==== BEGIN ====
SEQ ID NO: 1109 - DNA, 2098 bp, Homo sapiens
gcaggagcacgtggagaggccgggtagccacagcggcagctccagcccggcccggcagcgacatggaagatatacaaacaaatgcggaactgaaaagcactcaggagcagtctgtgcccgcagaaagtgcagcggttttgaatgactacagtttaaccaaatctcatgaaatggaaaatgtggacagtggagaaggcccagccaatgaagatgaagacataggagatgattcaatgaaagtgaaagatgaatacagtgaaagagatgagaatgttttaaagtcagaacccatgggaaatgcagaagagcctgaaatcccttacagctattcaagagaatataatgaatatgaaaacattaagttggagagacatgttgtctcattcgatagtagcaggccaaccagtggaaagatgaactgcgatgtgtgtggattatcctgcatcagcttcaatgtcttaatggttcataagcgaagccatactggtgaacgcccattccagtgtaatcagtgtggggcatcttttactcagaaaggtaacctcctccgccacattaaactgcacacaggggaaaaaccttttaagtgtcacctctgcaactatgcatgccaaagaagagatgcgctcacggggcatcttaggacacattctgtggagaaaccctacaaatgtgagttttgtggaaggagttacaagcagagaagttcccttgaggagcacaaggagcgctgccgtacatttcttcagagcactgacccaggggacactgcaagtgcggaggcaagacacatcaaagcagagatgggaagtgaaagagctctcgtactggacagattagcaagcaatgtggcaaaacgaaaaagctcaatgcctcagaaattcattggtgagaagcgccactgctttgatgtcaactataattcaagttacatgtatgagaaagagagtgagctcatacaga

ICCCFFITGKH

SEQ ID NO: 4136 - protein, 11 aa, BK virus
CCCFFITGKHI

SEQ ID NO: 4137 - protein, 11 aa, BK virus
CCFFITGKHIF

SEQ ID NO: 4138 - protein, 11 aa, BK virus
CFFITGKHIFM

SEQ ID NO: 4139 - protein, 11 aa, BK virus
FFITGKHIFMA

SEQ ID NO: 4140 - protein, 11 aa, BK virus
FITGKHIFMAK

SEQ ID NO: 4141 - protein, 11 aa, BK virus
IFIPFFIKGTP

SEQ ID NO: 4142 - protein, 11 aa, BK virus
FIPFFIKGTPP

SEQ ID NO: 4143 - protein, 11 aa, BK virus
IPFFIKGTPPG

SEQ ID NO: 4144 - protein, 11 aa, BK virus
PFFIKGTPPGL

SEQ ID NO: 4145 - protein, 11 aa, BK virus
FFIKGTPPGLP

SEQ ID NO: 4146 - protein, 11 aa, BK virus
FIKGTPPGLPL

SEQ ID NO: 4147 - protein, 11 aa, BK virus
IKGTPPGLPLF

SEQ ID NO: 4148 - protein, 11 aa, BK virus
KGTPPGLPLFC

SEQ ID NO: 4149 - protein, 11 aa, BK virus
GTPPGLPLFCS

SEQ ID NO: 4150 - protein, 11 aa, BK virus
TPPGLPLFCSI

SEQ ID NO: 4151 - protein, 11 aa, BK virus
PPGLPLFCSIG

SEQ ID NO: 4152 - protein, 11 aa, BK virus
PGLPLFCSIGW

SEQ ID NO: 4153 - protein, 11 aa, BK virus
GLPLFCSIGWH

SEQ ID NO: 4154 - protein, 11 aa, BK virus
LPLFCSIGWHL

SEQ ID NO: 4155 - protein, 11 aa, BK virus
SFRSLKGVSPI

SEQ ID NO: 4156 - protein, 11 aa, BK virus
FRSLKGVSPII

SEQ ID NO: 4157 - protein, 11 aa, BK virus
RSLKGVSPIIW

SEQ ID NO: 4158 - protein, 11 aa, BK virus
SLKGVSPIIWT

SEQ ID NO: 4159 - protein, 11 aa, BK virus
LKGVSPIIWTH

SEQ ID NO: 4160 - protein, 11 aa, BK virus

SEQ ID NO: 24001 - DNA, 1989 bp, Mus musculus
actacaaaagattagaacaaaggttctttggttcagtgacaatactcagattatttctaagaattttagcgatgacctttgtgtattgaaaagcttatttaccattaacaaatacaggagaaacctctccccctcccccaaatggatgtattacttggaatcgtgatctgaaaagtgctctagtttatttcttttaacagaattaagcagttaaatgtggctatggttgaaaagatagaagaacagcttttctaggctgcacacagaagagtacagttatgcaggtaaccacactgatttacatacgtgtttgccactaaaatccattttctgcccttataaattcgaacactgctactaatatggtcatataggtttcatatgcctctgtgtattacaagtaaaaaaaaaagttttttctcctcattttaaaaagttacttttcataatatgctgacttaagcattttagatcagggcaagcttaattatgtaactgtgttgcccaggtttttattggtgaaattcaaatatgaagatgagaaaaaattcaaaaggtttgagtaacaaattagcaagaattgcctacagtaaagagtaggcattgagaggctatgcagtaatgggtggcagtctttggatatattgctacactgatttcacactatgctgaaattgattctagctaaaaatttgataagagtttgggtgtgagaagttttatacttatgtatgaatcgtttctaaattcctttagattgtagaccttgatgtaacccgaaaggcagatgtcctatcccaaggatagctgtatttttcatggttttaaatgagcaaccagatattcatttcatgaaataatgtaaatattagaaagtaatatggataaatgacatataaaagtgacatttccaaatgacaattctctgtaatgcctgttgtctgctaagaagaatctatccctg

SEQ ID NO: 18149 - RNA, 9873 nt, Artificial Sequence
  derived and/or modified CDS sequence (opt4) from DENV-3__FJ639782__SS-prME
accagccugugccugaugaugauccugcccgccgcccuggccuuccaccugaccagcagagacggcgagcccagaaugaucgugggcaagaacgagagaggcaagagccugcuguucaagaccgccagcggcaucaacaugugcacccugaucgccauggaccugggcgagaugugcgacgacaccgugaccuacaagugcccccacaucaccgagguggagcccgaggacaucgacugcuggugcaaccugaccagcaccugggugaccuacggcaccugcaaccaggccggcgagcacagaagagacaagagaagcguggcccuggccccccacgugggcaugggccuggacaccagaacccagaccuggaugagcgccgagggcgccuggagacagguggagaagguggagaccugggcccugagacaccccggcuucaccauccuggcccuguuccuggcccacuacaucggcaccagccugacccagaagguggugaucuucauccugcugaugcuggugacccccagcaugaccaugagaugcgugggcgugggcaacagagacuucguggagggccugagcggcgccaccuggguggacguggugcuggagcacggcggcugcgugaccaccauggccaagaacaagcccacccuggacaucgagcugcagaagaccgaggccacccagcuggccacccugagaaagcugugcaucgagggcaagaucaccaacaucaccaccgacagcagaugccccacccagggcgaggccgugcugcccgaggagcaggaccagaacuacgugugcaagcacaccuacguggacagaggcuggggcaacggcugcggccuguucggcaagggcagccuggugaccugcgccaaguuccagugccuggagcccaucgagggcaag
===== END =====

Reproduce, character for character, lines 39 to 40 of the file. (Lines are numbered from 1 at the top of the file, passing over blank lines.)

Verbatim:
GLPLFCSIGWH

SEQ ID NO: 4154 - protein, 11 aa, BK virus